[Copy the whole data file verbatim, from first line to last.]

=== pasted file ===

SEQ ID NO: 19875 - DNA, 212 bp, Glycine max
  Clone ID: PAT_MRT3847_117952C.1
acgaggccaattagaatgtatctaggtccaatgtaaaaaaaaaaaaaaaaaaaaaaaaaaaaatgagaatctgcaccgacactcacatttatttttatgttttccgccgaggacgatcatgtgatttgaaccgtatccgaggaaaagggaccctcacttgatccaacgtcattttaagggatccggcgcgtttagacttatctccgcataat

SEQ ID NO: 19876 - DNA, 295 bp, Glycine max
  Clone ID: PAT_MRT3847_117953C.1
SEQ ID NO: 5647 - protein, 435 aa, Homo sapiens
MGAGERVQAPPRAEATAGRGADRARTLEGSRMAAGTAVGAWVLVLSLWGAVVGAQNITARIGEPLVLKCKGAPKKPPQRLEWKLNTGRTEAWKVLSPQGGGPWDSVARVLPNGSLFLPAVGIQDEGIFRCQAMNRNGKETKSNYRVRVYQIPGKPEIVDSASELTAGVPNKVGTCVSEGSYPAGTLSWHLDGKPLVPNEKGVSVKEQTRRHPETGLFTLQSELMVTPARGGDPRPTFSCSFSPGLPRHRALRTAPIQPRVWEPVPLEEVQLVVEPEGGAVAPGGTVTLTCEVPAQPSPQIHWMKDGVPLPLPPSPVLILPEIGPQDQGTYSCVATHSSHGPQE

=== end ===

SEQ ID NO: 19875 - DNA, 212 bp, Glycine max
  Clone ID: PAT_MRT3847_117952C.1
acgaggccaattagaatgtatctaggtccaatgtaaaaaaaaaaaaaaaaaaaaaaaaaaaaatgagaatctgcaccgacactcacatttatttttatgttttccgccgaggacgatcatgtgatttgaaccgtatccgaggaaaagggaccctcacttgatccaacgtcattttaagggatccggcgcgtttagacttatctccgcataat

SEQ ID NO: 19876 - DNA, 295 bp, Glycine max
  Clone ID: PAT_MRT3847_117953C.1
SEQ ID NO: 5647 - protein, 435 aa, Homo sapiens
MGAGERVQAPPRAEATAGRGADRARTLEGSRMAAGTAVGAWVLVLSLWGAVVGAQNITARIGEPLVLKCKGAPKKPPQRLEWKLNTGRTEAWKVLSPQGGGPWDSVARVLPNGSLFLPAVGIQDEGIFRCQAMNRNGKETKSNYRVRVYQIPGKPEIVDSASELTAGVPNKVGTCVSEGSYPAGTLSWHLDGKPLVPNEKGVSVKEQTRRHPETGLFTLQSELMVTPARGGDPRPTFSCSFSPGLPRHRALRTAPIQPRVWEPVPLEEVQLVVEPEGGAVAPGGTVTLTCEVPAQPSPQIHWMKDGVPLPLPPSPVLILPEIGPQDQGTYSCVATHSSHGPQE